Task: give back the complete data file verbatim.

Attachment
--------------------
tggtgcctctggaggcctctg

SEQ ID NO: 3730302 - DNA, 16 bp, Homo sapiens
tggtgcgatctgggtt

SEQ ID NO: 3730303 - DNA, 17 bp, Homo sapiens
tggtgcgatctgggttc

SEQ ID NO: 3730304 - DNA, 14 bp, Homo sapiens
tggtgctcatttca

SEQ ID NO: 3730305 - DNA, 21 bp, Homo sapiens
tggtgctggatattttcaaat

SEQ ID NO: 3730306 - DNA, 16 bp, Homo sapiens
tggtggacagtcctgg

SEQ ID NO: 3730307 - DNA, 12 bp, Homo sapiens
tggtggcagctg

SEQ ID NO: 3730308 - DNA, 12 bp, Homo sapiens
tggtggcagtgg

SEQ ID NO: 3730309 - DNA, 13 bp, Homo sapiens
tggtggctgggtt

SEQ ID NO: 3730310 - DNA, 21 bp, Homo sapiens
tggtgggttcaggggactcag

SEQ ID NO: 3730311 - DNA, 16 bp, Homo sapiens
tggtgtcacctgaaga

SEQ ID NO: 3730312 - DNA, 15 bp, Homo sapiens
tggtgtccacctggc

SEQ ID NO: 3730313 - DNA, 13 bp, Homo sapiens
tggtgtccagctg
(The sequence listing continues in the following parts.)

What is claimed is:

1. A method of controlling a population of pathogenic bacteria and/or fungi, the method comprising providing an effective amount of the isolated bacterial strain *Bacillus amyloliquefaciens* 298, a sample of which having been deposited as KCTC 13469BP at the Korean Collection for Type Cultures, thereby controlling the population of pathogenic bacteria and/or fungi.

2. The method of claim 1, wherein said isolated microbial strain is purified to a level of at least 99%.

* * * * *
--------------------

tggtgcctctggaggcctctg

SEQ ID NO: 3730302 - DNA, 16 bp, Homo sapiens
tggtgcgatctgggtt

SEQ ID NO: 3730303 - DNA, 17 bp, Homo sapiens
tggtgcgatctgggttc

SEQ ID NO: 3730304 - DNA, 14 bp, Homo sapiens
tggtgctcatttca

SEQ ID NO: 3730305 - DNA, 21 bp, Homo sapiens
tggtgctggatattttcaaat

SEQ ID NO: 3730306 - DNA, 16 bp, Homo sapiens
tggtggacagtcctgg

SEQ ID NO: 3730307 - DNA, 12 bp, Homo sapiens
tggtggcagctg

SEQ ID NO: 3730308 - DNA, 12 bp, Homo sapiens
tggtggcagtgg

SEQ ID NO: 3730309 - DNA, 13 bp, Homo sapiens
tggtggctgggtt

SEQ ID NO: 3730310 - DNA, 21 bp, Homo sapiens
tggtgggttcaggggactcag

SEQ ID NO: 3730311 - DNA, 16 bp, Homo sapiens
tggtgtcacctgaaga

SEQ ID NO: 3730312 - DNA, 15 bp, Homo sapiens
tggtgtccacctggc

SEQ ID NO: 3730313 - DNA, 13 bp, Homo sapiens
tggtgtccagctg
(The sequence listing continues in the following parts.)

What is claimed is:

1. A method of controlling a population of pathogenic bacteria and/or fungi, the method comprising providing an effective amount of the isolated bacterial strain *Bacillus amyloliquefaciens* 298, a sample of which having been deposited as KCTC 13469BP at the Korean Collection for Type Cultures, thereby controlling the population of pathogenic bacteria and/or fungi.

2. The method of claim 1, wherein said isolated microbial strain is purified to a level of at least 99%.

* * * * *